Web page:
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'Your caring' about gerunds is noble, but 'you caring' is nice too

Let's say you're sending someone an email, maybe to thank them for visiting you in the hospital. Would you say "I appreciate you taking the time to stop by" or "I appreciate your taking the time to stop by"?

Believe it or not, some people have pretty strong feelings about which of these sentences is correct. For many of us though, it's the kind of thing that gives us pause.

First, a quick grammar refresher. A gerund is a verb with an "ing" ending that's used as a noun --  for example, "his singing" or "the dog's barking." What often gives us trouble is whether to use the possessive form of the noun or pronoun that proceeds a gerund.

When grammarians addressed this issue in the 18th century, they said the possessive should never be used. Don't say "his singing" or "your stopping by." But other grammarians jumped in later and said the possessive is always right, and it's the other form -- "him singing" or "you stopping by" -- that's always wrong.

The truth is, there doesn't seem to be a hard and fast rule for this one.

Merriam Webster's Dictionary of Concise Usage points out that if you look at writers over the past 100 years, you'll find that many use both forms. For example, Flannery O'Connor wrote, "He approves of this one's being a girl." But she also wrote, "I can't see me letting Harold C. condense it."

There do seem to be some patterns. For example, personal pronouns tend to prefer the possessive, but the possessive doesn't always work.  In this example from William Faulkner -- "I would certainly insist on you all coming here" -- changing "you all" to "you all's" makes the sentence sound strange.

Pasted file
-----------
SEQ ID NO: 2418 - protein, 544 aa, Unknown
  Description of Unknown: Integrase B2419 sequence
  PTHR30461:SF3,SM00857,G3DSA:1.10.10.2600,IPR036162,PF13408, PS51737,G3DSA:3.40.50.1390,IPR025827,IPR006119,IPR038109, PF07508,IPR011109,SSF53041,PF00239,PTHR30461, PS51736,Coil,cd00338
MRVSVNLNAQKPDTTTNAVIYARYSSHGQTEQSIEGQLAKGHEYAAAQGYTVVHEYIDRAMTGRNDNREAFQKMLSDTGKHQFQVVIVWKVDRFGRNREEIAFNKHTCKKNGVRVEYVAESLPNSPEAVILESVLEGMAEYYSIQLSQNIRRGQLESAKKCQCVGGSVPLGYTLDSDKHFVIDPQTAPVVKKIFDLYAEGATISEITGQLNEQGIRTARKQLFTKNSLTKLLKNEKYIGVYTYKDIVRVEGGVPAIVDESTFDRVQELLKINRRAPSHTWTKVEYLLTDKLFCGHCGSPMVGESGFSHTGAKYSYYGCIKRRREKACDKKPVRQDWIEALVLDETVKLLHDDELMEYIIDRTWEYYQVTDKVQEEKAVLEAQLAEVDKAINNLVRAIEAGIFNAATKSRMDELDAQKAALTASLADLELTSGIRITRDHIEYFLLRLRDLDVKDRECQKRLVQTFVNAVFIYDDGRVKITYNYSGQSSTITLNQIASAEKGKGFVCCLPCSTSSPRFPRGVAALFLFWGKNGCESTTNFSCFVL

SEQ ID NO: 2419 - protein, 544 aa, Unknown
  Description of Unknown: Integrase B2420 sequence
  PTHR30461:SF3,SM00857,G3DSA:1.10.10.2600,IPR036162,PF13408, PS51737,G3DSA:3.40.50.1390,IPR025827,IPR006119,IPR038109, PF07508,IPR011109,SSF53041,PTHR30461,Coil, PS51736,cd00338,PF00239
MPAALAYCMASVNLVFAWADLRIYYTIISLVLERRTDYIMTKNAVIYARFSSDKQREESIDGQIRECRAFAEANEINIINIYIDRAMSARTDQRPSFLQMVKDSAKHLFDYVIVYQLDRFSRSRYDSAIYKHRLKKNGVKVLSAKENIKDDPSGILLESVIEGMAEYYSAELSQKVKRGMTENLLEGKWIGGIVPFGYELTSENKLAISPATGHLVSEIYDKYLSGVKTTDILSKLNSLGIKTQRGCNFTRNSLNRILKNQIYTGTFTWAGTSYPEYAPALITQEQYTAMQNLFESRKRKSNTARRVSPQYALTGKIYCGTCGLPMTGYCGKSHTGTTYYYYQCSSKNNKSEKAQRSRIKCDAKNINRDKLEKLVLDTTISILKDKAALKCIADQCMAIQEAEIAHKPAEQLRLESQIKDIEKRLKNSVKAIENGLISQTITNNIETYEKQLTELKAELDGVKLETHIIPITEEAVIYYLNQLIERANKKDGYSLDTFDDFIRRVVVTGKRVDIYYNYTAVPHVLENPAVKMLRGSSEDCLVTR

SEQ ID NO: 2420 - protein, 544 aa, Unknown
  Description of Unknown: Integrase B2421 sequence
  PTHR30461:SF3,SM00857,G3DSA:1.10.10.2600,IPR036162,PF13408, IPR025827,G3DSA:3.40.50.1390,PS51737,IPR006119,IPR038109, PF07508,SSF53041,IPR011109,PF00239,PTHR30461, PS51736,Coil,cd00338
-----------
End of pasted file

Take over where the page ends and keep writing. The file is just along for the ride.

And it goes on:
Sometimes, it's better just to remove the pronoun entirely. If the subject of the sentence is the same as what's going to be the pronoun, just get rid of the pronoun. "The students were happy about their having completed the difficult course" isn't wrong, but it does sound redundant. It works fine without "their" -- "The students were happy about having completed the difficult course." 

In any case, if you're still sitting there, trying to decide whether to write "your stopping by" or "you stopping by," just pick the one that sounds best to you.

Anne Curzan is the Geneva Smitherman Collegiate Professor of English and an Arthur F. Thurnau Professor at the University of Michigan. She also holds faculty appointments in the Department of Linguistics and the School of Education.
Rebecca Kruth is the host of All Things Considered at Michigan Public. She also co-hosts Michigan Public's weekly language podcast That’s What They Say with English professor Anne Curzan.
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